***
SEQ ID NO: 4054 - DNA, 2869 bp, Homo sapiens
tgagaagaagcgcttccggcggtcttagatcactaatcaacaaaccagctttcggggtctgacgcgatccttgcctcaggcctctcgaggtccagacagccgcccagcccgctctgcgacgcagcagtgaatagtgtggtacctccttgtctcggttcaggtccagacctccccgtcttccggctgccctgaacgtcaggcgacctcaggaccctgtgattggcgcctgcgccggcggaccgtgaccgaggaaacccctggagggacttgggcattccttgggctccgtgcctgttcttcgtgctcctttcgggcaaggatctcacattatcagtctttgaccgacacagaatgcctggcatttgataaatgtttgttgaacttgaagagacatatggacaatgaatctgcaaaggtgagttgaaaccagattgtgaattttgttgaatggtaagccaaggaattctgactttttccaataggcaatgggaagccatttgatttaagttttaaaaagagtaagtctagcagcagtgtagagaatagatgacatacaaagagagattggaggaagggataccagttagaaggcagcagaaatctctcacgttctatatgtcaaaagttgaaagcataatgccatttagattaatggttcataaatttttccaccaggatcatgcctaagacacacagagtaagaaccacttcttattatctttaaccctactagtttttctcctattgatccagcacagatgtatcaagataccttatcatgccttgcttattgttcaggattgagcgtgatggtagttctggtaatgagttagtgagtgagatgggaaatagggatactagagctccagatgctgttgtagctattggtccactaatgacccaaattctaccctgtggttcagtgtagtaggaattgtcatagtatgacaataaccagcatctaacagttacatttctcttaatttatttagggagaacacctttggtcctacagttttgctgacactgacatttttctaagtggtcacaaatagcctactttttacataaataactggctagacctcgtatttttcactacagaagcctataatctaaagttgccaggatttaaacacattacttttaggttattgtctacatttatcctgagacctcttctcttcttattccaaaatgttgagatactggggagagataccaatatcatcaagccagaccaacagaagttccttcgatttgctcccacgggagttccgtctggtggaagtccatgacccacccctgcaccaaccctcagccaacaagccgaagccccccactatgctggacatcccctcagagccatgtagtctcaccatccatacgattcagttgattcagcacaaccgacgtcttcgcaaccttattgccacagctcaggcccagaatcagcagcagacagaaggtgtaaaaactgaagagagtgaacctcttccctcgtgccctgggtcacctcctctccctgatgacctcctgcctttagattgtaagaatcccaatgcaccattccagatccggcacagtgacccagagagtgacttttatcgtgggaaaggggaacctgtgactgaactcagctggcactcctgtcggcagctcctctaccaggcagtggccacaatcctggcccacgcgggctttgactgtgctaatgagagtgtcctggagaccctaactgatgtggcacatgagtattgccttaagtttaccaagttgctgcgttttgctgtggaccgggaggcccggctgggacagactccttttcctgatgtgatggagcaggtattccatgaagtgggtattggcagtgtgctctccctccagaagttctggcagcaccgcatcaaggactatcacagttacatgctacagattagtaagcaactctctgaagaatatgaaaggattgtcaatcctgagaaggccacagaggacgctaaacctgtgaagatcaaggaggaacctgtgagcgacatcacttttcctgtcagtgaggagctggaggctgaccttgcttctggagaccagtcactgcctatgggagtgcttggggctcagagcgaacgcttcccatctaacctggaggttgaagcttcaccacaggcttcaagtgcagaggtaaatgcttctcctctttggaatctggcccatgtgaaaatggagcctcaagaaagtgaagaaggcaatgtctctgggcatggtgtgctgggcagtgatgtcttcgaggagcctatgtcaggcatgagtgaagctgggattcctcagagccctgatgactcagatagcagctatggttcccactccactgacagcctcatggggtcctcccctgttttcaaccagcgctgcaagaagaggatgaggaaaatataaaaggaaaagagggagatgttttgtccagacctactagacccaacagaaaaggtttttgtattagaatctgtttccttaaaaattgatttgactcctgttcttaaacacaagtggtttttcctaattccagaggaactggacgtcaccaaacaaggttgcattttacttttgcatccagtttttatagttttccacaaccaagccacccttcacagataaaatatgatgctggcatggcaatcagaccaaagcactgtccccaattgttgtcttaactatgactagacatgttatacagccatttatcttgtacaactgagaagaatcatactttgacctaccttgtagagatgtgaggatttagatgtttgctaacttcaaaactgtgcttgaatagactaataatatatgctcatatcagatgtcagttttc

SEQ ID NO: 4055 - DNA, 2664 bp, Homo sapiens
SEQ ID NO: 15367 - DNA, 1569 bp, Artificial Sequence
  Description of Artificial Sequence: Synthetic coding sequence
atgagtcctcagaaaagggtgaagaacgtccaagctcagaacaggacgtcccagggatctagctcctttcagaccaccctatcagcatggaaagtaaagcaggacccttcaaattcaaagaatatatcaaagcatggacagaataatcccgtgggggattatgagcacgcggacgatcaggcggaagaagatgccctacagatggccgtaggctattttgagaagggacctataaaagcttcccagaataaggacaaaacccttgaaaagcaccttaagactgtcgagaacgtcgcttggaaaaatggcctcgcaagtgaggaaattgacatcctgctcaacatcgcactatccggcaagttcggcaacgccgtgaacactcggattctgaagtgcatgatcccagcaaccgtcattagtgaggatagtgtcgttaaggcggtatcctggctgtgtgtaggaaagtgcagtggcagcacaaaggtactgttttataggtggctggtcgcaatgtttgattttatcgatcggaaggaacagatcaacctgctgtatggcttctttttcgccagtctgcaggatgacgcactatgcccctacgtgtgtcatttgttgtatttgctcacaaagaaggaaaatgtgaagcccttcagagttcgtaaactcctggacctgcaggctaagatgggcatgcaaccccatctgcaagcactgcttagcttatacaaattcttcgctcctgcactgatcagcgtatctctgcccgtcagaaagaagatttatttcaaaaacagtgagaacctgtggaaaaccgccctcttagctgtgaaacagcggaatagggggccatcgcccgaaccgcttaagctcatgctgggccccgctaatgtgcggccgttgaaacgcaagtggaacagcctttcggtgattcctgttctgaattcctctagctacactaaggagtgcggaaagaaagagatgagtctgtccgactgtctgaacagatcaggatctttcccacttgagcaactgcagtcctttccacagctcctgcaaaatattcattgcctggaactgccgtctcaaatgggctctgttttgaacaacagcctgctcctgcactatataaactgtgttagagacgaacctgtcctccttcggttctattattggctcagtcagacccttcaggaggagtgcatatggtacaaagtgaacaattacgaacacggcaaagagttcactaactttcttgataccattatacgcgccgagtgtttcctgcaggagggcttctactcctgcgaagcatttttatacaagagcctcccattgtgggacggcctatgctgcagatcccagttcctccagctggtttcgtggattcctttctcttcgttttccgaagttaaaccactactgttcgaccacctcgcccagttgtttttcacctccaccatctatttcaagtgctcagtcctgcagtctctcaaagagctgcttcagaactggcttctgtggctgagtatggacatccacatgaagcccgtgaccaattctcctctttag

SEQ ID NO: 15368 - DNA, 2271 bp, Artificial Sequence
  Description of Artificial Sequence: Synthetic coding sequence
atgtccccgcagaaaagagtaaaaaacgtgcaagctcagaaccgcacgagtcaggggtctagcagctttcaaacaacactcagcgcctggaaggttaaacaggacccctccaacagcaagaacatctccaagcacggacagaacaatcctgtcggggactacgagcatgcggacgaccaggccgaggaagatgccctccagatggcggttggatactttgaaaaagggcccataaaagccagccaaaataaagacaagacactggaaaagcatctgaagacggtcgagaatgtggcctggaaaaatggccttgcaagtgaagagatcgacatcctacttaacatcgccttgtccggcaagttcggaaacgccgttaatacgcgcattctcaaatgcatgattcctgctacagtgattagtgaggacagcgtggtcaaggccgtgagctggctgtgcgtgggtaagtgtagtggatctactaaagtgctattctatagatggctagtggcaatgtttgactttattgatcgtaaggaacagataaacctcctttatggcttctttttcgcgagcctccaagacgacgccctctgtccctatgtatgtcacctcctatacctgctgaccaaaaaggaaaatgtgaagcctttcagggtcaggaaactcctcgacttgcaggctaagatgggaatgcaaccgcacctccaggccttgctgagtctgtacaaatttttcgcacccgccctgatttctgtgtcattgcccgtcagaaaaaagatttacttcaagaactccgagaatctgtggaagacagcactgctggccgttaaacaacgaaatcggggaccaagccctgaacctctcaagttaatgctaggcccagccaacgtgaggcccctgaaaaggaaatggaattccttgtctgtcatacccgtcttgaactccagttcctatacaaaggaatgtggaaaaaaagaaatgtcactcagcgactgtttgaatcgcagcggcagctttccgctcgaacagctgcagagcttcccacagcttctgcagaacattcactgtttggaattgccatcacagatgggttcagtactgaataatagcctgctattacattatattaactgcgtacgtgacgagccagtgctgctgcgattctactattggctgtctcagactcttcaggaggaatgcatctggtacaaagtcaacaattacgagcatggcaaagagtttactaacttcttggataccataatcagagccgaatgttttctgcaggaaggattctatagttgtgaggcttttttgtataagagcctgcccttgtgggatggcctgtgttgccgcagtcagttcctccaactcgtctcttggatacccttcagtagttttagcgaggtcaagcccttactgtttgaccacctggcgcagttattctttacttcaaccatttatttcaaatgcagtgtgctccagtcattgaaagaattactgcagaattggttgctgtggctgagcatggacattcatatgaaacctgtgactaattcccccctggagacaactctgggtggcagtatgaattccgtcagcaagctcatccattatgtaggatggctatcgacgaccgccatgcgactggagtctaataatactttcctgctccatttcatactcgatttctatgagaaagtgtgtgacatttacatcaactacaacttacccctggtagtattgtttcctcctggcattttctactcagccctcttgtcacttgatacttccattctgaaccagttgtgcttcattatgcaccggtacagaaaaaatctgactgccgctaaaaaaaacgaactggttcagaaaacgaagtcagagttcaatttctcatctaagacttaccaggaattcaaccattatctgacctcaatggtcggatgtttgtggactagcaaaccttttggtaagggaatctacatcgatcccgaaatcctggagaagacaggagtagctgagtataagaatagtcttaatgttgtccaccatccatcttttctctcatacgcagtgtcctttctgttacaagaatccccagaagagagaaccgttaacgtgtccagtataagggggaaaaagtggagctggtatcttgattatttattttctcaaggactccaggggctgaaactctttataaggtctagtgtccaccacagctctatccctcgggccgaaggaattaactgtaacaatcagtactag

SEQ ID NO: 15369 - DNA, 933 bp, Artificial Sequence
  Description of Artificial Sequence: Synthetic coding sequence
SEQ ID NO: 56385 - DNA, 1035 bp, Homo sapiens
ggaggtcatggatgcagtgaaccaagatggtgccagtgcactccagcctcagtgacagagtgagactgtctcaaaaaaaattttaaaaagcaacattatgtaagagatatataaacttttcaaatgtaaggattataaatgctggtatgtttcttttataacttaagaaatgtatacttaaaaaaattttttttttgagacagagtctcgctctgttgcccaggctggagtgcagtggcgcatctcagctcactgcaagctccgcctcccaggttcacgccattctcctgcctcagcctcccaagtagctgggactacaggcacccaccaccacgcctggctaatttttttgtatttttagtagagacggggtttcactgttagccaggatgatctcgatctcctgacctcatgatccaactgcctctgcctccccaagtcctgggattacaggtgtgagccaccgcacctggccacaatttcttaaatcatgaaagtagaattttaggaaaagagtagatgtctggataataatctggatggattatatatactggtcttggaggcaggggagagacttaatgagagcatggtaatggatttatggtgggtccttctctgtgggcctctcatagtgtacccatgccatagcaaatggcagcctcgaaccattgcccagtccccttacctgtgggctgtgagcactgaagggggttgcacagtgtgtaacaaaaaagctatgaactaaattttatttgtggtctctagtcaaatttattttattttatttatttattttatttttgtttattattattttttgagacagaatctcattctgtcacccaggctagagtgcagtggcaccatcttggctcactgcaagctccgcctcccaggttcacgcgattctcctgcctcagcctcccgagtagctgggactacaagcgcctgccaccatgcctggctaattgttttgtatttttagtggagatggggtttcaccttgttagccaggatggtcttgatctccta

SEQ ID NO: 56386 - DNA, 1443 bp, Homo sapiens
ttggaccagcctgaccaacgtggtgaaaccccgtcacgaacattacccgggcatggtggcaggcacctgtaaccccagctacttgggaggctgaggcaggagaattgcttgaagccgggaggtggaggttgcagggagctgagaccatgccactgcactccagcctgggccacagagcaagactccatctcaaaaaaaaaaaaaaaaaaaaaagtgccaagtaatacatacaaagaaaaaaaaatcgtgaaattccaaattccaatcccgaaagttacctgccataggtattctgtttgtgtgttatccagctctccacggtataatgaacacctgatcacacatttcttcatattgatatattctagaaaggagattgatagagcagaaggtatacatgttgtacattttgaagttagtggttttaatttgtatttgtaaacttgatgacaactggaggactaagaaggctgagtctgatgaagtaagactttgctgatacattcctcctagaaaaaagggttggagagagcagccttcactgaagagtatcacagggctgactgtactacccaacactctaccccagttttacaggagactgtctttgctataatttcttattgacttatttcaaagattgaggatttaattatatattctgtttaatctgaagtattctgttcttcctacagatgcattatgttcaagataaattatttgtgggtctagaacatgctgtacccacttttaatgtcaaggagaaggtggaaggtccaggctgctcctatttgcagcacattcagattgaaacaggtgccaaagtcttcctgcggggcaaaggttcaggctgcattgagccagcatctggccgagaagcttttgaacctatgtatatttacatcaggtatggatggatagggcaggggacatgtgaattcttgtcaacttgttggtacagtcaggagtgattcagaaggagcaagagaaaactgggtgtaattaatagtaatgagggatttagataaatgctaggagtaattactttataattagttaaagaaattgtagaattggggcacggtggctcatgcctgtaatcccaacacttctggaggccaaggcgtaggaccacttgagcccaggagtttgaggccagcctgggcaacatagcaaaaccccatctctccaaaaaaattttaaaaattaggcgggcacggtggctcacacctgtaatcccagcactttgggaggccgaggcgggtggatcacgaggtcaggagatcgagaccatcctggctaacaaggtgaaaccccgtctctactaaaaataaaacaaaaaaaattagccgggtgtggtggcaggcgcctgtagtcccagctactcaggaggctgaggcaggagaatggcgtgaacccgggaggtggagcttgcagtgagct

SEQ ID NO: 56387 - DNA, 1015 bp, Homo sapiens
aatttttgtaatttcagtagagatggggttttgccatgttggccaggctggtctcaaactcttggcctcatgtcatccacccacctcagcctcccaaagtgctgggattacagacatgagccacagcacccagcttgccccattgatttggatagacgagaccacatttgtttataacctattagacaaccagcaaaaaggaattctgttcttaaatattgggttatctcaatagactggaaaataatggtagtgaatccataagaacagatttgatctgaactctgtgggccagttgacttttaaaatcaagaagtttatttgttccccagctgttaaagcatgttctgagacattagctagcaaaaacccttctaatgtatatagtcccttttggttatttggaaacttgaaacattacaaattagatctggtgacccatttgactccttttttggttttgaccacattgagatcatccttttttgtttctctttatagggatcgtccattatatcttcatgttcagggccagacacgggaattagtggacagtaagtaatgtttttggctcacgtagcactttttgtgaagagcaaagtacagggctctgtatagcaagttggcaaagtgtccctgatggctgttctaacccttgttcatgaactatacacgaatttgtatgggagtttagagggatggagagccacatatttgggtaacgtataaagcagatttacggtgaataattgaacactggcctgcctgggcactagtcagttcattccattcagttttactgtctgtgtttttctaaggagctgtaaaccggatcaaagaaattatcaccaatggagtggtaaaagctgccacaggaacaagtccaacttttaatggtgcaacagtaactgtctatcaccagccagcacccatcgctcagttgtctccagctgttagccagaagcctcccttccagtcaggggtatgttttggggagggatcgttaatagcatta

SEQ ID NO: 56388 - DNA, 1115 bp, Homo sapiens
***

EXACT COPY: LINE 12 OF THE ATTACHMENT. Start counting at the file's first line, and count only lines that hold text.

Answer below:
SEQ ID NO: 56385 - DNA, 1035 bp, Homo sapiens